4. Evangelicals are clear about sin in a way that avoids the trap of our self-actualization culture that sidesteps the work of the Holy Spirit on one hand and dwelling on guilty self-hood in a way that is inimical to spiritual flourishing on the other. How to engage this tension is a function of contextualization that takes seriously Hiebert’s concept of the excluded middle i.e., those issues about how we live out faith in the face of the systemic issues and challenges such as the sickness of a child, hunger, life threatening natural disasters etc. Hiebert’s concept makes room for the supernatural in facing these challenges and deals honestly with the limitations of the west’s scientific worldview in understanding the full scope of the good news of Jesus Christ.
  5. Evangelicals sing in worship and express reverence and mystery in lyrics and physical response such as the raising of hands. Communal worship is a hall mark of evangelicalism and serves as a collective theological memory in poetry and affirmation of faith. The hymnody (past and present) of evangelicalism is a significant part of theology as a mystery discerning exercise rather than a problem-solving exercise. (96) It is here that some of the messiness of theological reflection occurs. Evangelicals are not comfortable with messiness although an emerging cadre of theologians (men and women) are helping bridge the conversations we need to have on mystery. I have found it helpful to retain relationships with the liturgical traditions I grew up in who often have a much better handle on mystery.
  6. Evangelicals approach the communication of faith in a neighborly dialogue that reflects an outworking of Hiebert’s bounded and centered sets that simultaneously summons others to faith in Christ (belief as a boundary) while also observing the direction of their search (towards or away from Christ) regardless of their cultural and personal distance from Christ. This does not minimize careful accounts of doctrine but does so in a posture of empathetic learning. Hiebert’s conceptualization of centered and bounded sets was revolutionary for me. It gave me a way to reflect theologically on why I don’t approach the world with expectations that they behave like Christians before they meet Christ. I start with where they are and help and encourage their movement toward Christ and toward faith. The bounded set approach (read legalistic approach) that makes the world an enemy to be defeated only shows up the hypocrisy of withdrawal from the community around us. In every case I have see evangelicals withdraw from their community to avoid “sin” I have seen them ultimate end up in a concentrated expression of sins that nullify their calls for morality.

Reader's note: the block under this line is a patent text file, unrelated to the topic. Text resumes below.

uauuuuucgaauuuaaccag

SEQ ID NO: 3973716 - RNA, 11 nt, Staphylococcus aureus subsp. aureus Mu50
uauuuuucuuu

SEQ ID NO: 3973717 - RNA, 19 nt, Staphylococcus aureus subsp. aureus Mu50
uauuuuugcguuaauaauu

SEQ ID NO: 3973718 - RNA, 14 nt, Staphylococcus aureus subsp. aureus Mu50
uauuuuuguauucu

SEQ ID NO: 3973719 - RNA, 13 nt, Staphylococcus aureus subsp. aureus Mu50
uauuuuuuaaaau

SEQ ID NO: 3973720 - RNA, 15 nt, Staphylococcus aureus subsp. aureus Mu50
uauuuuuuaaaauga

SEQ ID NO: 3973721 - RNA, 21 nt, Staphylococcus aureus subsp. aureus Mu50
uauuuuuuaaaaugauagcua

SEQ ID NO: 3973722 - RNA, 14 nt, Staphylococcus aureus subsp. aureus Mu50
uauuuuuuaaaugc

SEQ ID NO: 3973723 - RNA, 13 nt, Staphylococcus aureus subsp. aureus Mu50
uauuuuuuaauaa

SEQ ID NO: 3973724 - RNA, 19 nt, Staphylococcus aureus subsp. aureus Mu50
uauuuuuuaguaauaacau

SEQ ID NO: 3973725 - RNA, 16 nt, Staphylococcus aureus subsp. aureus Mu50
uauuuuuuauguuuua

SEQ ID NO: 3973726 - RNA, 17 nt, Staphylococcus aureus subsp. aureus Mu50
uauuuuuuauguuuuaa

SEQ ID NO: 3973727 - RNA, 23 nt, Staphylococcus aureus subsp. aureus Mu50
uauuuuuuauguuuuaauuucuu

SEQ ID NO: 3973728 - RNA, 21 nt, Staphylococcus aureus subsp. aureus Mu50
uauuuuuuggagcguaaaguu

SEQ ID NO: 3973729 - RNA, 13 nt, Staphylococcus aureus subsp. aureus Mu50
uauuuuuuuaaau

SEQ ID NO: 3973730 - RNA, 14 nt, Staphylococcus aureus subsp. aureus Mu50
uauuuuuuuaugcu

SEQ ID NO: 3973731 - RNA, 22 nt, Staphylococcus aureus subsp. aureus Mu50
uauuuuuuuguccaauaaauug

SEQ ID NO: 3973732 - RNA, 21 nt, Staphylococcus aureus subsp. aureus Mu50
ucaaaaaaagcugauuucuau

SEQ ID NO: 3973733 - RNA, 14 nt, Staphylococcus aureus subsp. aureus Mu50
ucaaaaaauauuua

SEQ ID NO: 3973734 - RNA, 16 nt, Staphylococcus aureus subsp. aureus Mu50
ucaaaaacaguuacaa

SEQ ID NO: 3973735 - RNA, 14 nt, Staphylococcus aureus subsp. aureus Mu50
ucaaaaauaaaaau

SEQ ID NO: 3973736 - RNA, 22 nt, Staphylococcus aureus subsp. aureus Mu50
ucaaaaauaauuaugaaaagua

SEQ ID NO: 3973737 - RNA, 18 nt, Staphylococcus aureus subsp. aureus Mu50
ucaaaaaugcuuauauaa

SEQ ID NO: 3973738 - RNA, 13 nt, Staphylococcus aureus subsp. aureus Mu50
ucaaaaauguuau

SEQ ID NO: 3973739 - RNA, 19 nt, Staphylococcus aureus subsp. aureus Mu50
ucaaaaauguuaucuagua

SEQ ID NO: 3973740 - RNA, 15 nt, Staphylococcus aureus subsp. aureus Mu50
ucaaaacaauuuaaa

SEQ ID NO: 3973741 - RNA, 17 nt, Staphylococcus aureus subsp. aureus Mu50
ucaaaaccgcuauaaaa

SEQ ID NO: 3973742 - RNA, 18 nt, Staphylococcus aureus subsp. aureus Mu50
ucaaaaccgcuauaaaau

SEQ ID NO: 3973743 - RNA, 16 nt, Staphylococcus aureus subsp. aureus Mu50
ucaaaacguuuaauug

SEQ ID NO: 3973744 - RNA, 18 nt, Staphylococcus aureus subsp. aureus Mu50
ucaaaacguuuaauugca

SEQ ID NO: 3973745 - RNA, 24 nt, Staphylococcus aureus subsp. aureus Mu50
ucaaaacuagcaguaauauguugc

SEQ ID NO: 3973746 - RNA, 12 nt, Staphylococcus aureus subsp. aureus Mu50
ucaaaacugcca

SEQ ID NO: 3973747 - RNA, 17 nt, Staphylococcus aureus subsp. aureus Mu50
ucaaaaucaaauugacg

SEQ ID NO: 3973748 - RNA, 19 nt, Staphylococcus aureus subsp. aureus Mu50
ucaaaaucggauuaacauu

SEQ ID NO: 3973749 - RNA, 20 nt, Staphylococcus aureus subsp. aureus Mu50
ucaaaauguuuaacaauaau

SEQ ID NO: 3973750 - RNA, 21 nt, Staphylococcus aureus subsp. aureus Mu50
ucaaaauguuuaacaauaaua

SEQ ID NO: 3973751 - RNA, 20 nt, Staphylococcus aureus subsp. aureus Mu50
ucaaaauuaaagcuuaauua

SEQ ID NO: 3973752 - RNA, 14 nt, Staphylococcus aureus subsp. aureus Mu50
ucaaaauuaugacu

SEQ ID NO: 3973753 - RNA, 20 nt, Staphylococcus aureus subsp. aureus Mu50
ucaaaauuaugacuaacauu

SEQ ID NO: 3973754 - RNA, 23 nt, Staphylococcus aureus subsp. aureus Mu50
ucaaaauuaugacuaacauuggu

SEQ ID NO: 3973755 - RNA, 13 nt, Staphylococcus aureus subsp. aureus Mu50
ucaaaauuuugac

7. Evangelicals expect “…regenerated hearts and minds to be clear about the truth. Confused theology – to say nothing of outright theological error – can cause serious damage in the life and mission of the church.” (116) Mouw finds challenges in both the Religious Right and conciliar ecumenism. There are issues that need fierce conversations (to borrow a phrase from Susan Scott) because they are core to the mission of God, in these evangelicals cannot be content to simply agree to disagree. But evangelicals cannot be content with division as usual, the priestly prayer of Jesus that we would be one summons us to find areas of common ground, to remnants engaged in relationships that require fierce conversations and to do so in the Character of Christ. “We need to be perplexed together. We need to rediscover the humility to be puzzled, the courage to engage the ambiguities and conundrums in our texts and look to each other to find the flashes and refractions of answers in places we least expect them.” (123)
  8. Evangelicals engage the public sphere as an active presence embodying biblical flourishing. The challenge in the rise of the religious right is that its engagement in social-political life is not particularly clear about what it means to be biblically faithful in its approach. Culture war mentality is a wrong-headed tactic. Much of evangelicalism has lost (or never had) Neo-Calvinist perspective of common grace i.e., that in the thoughts of pagan thinkers there is a strain of truth from God rooted in imago Dei. That the human mind though fallen is gifted by God and to refuse to accept truth produced by such minds is to dishonor the Spirit of God. (131) This recognizes that God never ceases God’s work among people – God’s Providence is active toward all people. In recognizing that the depravity of sin “…is total – it affects all aspects of our lives…is not the same as affirming absolute depravity – the teaching that every thought and deed of the sinful heart and mind is worthless in the sight of God.”[6] (142) In discussing the relationship of activism to government Mouw rejects the notion that all government authority is de facto faithful to its biblical mandate and ergo to be passively or actively supported. Evil, such as demonstrated by Hitler and the Nazis is to be rightly opposed. Mouw takes Paul’s words in Romans 13 as normative behavior for government, but where this norm fails resistance to evil is appropriate. In following Christ, we neither need to withdraw from or take over in exercising our influence.